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Slavery in the United States

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Slavery in the United States

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  • December 2006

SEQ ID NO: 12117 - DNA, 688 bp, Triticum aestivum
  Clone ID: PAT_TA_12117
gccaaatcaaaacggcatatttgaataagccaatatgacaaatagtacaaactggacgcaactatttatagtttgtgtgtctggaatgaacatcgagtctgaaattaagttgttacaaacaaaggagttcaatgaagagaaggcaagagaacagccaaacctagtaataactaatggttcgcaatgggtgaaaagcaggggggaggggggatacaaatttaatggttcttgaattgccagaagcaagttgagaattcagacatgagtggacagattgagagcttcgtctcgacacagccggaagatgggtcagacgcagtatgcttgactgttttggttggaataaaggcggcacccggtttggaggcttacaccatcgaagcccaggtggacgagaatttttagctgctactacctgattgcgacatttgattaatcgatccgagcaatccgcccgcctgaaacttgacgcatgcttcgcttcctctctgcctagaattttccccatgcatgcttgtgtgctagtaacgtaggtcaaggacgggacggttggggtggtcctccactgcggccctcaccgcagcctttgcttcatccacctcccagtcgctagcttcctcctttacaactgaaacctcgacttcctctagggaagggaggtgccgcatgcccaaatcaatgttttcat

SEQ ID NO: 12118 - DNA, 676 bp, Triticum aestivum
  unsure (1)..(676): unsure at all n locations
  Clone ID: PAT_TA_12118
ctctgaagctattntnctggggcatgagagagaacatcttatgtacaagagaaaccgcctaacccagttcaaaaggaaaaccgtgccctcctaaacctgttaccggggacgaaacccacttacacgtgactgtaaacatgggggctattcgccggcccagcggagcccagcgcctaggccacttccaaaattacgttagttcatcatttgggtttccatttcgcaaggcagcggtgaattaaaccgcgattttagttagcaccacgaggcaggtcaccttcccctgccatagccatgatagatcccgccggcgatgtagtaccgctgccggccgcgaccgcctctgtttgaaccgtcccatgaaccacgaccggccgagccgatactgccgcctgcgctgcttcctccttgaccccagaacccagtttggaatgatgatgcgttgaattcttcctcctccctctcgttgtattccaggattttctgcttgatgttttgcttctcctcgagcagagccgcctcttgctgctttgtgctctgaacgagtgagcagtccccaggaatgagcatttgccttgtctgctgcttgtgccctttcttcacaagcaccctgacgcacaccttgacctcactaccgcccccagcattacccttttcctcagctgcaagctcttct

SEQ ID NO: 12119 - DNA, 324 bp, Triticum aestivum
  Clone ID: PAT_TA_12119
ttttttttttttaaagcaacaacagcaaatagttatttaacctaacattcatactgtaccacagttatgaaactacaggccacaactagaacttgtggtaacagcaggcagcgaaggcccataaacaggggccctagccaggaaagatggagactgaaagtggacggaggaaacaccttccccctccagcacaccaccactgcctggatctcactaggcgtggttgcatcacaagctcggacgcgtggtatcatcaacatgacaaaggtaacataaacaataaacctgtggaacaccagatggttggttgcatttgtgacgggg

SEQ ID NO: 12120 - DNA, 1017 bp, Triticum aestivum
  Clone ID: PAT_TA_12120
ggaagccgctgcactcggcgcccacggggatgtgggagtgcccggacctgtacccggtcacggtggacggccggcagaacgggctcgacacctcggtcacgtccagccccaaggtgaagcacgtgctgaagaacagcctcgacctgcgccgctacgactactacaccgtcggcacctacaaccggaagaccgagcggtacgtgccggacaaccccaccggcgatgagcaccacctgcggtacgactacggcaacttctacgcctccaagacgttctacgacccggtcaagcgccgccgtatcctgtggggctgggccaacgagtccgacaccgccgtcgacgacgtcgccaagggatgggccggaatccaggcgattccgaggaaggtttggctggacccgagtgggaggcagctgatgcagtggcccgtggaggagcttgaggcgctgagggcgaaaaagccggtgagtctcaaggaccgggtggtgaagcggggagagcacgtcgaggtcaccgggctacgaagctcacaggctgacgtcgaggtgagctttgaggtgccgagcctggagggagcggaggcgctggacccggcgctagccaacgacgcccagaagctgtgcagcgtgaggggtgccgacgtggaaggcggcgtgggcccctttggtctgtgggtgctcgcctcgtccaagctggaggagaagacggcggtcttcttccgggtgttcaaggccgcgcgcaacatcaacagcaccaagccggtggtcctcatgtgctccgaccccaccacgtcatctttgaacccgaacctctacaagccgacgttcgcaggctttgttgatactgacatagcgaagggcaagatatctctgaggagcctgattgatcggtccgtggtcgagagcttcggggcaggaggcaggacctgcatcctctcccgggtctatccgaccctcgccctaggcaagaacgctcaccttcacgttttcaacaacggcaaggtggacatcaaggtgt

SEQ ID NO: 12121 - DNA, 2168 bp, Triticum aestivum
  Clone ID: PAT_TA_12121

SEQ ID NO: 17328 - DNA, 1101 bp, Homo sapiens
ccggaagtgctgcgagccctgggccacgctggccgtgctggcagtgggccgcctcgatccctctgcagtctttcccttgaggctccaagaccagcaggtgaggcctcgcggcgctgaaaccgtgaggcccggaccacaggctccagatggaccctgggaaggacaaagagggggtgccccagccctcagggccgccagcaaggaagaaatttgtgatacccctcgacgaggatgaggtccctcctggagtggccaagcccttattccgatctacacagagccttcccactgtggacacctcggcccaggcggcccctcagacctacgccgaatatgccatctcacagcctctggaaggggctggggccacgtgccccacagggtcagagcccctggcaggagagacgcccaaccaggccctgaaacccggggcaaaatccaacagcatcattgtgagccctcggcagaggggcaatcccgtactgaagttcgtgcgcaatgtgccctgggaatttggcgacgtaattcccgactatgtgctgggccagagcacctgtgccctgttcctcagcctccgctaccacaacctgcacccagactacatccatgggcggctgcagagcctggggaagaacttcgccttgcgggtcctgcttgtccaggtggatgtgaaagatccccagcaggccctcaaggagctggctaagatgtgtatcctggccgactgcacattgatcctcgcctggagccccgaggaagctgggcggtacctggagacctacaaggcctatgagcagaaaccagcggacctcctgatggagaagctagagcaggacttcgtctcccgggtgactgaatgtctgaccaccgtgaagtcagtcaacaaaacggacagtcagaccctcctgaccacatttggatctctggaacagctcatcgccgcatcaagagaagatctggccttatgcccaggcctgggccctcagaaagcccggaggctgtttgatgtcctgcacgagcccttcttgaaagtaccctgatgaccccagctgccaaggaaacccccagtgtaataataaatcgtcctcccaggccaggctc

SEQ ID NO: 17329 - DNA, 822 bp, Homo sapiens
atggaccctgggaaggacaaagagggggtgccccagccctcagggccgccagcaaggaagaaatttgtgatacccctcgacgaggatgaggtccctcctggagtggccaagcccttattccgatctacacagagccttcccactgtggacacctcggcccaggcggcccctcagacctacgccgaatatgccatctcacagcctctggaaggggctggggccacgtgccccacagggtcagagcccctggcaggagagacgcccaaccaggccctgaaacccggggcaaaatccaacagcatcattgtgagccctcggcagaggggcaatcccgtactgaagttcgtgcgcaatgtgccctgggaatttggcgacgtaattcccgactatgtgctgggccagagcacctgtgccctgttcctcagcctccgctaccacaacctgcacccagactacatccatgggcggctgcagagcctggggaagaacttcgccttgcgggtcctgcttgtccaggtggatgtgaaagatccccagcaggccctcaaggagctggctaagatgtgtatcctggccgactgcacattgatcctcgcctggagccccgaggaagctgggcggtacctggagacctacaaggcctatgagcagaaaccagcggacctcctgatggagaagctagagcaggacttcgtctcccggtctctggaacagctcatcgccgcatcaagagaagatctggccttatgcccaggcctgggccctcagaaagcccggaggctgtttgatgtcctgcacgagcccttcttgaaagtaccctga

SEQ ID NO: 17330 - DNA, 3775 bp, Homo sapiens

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Throughout this course we learned about slavery and it's effects on our country and on African Americans. Slavery and racism is prevalent throughout the Americas before during and after Thomas Jefferson's presidency. Some people say that Jefferson did not really help stop any of the slavery in the United States. I feel very differently and I will explain why throughout this essay. Throughout this essay I will be explaining how views of race were changed in the United States after the presidency of Thomas Jefferson, and how the events of the Jeffersonian Era set the stage for race relations for the nineteenth century. "Nobody wishes more ardently to see an abolition, not only of the trade, but of the condition of slavery; and certainly, nobody will be more willing to encounter every sacrifice for that object." (Thomas Jefferson to Brissot de Warville, 1788. ME 6:428) Thomas Jefferson said this to Brissot de Warville in 1788 explaining his view on slavery in the United States. This was both positive and negative for Thomas Jefferson, in many ways. He was very positive in the abolition of slavery in the United States because Jefferson says he would do anything to stop slavery, and the slave trade in the States. Thomas Jefferson had a theory that the United States could use part of the coast of Africa, and it would be used as an establishment where African American who were in the states would be moved. Jefferson sees this as the best way to deal with the slavery issue. Jefferson thinks this is a good idea because when the African Americans got back to Africa they would take the things they learned wile they were enslaved here and us them back in Africa. Thomas Jefferson saw this as retribution to the African Americans for all that they were put through in the States. As you can see Jefferson did not approve of slavery at all, he wanted to abolish it all together, but he didn't want to give his slaves their freedom. This is where people say that Thomas Jefferson is...

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